La Dolce Vita? Italy By Rail, 1839-1914

Diana Webb looks into the pleasures and pitfalls of an early tourist experience.

In the 1840s Charles Dickens observed and unforgettably caricatured the English members of an early package-tour doing the rounds of Rome; he supposed that they had been brought from London in nine or ten days. This was soon to change dramatically. The Baptist minister Samuel Manning, revisiting Italy in the 1870s, observed that now 'Turin may be easily reached from London in thirty-six hours. It is not long since the distance from London to York occupied the same time.' In Alps and Sanctuaries, first published in 1881. Samuel Butler remarked: 'Wednesday morning, Fleet Street; Thursday evening, a path upon the quiet mountain side, under the over- spreading chestnuts, with Lombardy at one's feet.’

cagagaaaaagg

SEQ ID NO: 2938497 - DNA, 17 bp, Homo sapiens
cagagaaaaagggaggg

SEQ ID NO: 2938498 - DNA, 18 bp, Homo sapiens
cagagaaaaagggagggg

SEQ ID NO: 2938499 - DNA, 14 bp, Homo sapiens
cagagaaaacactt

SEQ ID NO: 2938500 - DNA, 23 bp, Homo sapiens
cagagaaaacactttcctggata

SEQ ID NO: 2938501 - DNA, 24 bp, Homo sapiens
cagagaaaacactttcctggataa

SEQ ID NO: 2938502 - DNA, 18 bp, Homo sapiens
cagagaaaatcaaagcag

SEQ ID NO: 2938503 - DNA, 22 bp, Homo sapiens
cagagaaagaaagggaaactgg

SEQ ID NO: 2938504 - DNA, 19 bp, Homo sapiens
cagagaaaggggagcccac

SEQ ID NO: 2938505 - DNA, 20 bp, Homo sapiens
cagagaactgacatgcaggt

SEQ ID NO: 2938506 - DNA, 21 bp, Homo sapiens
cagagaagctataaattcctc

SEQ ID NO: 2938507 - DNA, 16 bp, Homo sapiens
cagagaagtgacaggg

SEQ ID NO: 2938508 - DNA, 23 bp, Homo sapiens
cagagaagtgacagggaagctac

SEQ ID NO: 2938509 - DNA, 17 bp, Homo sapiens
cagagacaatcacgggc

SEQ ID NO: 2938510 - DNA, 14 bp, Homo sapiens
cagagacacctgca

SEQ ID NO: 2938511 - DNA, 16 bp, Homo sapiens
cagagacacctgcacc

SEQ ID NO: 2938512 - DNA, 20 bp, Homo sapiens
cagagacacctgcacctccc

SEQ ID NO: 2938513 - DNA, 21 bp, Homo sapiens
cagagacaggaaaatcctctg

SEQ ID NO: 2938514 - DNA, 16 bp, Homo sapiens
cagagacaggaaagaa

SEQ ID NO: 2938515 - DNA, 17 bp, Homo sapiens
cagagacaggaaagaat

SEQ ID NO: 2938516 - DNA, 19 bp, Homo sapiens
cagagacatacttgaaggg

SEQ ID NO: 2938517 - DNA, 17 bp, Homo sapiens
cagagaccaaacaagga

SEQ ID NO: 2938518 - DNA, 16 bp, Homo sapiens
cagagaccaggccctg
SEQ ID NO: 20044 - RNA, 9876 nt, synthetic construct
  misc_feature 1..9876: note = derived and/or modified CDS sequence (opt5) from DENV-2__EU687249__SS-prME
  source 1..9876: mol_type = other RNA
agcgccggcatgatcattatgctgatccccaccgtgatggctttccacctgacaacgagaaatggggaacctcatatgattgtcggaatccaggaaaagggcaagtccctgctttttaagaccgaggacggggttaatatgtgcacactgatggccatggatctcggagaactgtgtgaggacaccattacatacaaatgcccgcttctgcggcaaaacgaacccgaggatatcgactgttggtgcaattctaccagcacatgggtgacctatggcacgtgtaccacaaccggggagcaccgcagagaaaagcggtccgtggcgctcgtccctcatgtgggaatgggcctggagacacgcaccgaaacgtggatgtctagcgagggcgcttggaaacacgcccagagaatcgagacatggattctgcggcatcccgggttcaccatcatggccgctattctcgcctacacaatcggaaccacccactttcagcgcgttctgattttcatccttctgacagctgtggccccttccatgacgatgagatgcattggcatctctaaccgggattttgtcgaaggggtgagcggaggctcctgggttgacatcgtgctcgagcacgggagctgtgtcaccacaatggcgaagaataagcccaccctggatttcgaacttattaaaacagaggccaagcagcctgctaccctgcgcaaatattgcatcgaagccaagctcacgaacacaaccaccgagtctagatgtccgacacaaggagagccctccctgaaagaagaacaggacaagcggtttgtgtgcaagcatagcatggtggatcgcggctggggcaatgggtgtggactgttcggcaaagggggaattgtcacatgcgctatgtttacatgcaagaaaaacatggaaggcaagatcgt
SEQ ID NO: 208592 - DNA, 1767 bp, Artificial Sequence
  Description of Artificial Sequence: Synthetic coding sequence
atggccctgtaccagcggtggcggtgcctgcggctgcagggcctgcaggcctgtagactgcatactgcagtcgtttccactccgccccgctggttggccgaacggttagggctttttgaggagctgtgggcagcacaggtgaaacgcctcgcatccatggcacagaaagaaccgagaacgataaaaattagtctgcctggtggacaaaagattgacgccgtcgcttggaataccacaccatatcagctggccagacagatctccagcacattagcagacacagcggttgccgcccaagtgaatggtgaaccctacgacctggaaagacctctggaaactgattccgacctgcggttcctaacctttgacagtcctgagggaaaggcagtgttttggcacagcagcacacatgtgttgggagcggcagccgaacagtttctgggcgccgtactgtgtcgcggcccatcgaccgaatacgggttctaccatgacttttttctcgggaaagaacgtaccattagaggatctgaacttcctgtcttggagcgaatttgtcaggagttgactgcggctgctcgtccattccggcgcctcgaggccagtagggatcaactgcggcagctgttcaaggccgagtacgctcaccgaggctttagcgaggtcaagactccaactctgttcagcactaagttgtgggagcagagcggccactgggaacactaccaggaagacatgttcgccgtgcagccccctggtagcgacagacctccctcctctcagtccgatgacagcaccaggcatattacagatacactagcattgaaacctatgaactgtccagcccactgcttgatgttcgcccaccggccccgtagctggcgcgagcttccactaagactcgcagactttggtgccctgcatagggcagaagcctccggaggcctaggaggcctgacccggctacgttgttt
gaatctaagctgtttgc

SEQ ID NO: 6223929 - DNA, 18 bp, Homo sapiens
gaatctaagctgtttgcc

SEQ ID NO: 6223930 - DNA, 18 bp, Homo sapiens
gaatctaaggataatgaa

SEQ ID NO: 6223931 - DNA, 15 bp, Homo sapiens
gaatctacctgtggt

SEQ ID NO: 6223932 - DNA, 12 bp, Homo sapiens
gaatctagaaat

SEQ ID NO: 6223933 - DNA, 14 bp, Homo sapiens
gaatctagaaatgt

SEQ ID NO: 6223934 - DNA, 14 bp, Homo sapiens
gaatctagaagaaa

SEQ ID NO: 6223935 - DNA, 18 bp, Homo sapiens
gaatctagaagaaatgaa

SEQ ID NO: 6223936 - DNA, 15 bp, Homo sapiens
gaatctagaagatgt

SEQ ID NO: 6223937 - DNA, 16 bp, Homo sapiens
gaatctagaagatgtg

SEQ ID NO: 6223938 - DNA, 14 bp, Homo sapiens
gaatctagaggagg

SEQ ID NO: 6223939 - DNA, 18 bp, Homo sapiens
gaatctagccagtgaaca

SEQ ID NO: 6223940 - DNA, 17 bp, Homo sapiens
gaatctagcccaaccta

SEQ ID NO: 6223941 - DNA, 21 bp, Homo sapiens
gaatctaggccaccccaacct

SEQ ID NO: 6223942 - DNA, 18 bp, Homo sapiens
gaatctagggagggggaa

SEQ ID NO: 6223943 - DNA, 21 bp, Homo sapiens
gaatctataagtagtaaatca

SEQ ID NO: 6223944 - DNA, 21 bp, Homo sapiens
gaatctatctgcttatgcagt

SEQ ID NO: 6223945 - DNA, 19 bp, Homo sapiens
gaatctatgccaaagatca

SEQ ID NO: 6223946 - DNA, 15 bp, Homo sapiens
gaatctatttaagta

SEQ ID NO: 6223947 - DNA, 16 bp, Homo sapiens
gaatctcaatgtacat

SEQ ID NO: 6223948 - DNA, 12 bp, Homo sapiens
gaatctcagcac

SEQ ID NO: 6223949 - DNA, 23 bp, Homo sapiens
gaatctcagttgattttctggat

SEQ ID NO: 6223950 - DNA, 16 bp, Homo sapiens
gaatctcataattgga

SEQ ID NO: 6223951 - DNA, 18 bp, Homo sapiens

Butler was conscious not only of the immense acceleration of the pace of travel which had taken place in the past generation, hut of its significance on the time-scales of the world's history:

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